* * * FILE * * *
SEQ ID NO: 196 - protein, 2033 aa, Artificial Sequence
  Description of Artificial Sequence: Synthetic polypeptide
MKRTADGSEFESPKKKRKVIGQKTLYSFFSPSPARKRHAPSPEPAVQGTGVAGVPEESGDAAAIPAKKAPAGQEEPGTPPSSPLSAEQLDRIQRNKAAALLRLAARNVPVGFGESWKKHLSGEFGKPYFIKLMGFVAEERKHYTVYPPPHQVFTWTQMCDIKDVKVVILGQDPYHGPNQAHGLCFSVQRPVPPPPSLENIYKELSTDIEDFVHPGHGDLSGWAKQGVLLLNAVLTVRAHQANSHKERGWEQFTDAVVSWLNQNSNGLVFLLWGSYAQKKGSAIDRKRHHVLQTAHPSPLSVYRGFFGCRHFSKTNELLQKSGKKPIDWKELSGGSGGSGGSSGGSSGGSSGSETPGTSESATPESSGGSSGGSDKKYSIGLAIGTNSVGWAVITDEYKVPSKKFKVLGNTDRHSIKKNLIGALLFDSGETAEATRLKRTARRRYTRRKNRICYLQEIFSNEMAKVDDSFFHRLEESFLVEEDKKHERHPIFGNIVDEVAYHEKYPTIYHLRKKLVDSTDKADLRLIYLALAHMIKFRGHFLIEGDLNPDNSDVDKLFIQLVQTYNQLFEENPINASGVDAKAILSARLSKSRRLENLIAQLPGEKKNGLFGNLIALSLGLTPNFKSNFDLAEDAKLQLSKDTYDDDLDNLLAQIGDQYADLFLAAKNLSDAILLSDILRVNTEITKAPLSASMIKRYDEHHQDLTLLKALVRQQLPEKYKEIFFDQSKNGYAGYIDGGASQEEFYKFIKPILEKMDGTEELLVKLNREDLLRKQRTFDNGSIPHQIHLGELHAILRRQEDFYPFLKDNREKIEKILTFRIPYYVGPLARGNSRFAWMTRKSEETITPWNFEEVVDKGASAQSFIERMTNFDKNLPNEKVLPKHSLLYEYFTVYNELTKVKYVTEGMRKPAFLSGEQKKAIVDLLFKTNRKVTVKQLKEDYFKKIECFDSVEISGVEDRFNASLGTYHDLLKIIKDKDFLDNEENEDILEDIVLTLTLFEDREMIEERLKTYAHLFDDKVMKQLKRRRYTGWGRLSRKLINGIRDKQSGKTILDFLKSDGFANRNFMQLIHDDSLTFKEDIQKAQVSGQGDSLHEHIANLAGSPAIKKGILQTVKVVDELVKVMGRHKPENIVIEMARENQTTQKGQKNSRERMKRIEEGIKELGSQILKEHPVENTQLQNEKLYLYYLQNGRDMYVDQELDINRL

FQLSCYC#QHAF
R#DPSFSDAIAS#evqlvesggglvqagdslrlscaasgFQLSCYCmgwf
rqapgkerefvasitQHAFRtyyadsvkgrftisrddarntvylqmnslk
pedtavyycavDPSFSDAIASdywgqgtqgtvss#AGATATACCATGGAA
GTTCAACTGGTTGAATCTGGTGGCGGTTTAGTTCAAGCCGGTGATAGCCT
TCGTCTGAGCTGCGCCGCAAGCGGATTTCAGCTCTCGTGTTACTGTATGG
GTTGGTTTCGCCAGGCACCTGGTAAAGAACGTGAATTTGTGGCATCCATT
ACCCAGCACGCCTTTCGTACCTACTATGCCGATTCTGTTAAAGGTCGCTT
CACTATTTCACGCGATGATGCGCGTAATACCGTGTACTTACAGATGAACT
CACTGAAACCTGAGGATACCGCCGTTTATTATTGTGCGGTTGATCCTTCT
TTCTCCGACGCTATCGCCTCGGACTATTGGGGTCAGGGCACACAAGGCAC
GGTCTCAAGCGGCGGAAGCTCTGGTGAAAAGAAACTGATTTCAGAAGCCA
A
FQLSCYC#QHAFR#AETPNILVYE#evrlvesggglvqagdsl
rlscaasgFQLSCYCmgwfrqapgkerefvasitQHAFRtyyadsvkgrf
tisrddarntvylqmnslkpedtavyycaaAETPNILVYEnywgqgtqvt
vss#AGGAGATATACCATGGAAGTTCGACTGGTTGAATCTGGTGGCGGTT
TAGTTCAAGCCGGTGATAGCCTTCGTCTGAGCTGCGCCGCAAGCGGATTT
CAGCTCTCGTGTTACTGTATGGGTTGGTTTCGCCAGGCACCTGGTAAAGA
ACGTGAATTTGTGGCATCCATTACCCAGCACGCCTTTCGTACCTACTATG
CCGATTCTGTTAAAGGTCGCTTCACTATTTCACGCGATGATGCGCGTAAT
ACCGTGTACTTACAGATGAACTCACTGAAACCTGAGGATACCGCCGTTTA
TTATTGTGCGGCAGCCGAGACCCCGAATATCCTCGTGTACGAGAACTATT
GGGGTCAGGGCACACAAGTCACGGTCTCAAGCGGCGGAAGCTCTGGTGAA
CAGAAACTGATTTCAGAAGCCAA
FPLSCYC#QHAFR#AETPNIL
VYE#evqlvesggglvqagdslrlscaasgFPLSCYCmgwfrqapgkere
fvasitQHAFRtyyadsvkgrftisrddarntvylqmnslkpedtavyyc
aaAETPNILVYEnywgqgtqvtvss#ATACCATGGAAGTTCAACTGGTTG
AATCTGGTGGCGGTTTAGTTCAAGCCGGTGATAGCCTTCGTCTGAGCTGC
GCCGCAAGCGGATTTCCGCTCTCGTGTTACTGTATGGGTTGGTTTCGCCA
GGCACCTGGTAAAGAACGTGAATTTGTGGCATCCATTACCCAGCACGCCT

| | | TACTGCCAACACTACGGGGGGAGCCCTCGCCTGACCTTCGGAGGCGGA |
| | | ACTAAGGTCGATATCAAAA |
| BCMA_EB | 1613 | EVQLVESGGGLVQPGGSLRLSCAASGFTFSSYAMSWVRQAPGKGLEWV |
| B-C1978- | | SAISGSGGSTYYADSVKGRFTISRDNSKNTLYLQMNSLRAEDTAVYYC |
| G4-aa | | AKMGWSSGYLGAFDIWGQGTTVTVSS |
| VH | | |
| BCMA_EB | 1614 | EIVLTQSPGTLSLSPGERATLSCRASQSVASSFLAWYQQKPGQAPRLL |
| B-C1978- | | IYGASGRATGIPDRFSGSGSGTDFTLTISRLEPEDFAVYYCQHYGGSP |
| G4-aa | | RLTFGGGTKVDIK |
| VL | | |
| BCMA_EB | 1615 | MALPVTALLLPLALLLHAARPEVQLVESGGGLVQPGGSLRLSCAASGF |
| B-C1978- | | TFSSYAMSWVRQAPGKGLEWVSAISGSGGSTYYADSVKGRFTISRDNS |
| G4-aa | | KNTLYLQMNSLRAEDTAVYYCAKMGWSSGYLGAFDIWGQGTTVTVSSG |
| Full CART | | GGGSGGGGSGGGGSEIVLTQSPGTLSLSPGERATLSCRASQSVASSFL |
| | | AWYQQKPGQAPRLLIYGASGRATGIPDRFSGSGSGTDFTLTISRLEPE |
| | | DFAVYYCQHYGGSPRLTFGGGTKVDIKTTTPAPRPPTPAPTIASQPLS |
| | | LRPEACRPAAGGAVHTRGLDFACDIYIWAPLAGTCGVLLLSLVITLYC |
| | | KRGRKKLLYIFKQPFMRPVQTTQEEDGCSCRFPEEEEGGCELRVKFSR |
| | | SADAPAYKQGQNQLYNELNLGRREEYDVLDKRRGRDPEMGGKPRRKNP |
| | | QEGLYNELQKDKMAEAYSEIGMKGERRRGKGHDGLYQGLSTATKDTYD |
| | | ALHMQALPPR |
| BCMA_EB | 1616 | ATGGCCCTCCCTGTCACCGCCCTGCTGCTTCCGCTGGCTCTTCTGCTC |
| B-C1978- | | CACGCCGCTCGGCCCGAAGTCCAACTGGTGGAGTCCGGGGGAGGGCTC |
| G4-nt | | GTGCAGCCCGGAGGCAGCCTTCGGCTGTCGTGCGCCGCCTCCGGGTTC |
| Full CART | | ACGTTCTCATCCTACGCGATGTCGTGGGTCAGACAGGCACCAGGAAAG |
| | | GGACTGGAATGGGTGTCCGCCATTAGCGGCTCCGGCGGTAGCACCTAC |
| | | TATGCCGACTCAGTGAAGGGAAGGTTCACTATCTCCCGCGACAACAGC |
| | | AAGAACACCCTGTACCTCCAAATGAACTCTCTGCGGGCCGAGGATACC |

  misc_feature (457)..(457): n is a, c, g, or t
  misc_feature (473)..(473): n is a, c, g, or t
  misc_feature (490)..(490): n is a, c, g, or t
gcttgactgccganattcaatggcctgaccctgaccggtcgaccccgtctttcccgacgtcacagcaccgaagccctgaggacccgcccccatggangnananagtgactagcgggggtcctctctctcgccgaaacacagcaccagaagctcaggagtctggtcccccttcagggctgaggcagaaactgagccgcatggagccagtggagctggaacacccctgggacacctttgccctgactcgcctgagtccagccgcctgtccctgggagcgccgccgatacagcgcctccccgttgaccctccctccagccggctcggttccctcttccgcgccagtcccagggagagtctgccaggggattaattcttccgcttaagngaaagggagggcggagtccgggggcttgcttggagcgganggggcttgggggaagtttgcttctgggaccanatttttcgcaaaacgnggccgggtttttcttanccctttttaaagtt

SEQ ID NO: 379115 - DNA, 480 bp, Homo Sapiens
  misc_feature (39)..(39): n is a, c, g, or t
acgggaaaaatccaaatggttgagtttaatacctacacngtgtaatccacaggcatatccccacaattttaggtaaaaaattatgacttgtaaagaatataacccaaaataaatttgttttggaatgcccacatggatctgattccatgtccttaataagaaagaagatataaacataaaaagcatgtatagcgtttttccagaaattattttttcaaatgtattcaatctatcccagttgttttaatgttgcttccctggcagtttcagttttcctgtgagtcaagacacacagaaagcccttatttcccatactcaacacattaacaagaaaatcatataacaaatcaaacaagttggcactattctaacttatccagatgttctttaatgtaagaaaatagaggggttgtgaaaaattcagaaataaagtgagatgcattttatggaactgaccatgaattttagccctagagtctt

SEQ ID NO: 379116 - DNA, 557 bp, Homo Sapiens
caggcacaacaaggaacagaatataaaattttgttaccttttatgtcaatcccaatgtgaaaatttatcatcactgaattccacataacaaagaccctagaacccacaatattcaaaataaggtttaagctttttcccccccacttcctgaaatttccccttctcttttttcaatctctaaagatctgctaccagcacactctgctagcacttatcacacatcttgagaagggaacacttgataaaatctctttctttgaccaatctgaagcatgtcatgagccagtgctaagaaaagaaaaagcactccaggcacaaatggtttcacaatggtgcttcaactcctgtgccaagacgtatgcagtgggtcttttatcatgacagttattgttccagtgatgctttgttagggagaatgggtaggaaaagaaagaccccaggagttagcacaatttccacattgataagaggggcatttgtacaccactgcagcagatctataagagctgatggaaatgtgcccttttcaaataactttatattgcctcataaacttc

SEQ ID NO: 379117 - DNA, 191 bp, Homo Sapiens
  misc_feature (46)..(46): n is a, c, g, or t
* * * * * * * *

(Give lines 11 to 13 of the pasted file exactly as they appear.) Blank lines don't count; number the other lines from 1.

ACCCAGCACGCCTTTCGTACCTACTATGCCGATTCTGTTAAAGGTCGCTT
CACTATTTCACGCGATGATGCGCGTAATACCGTGTACTTACAGATGAACT
CACTGAAACCTGAGGATACCGCCGTTTATTATTGTGCGGTTGATCCTTCT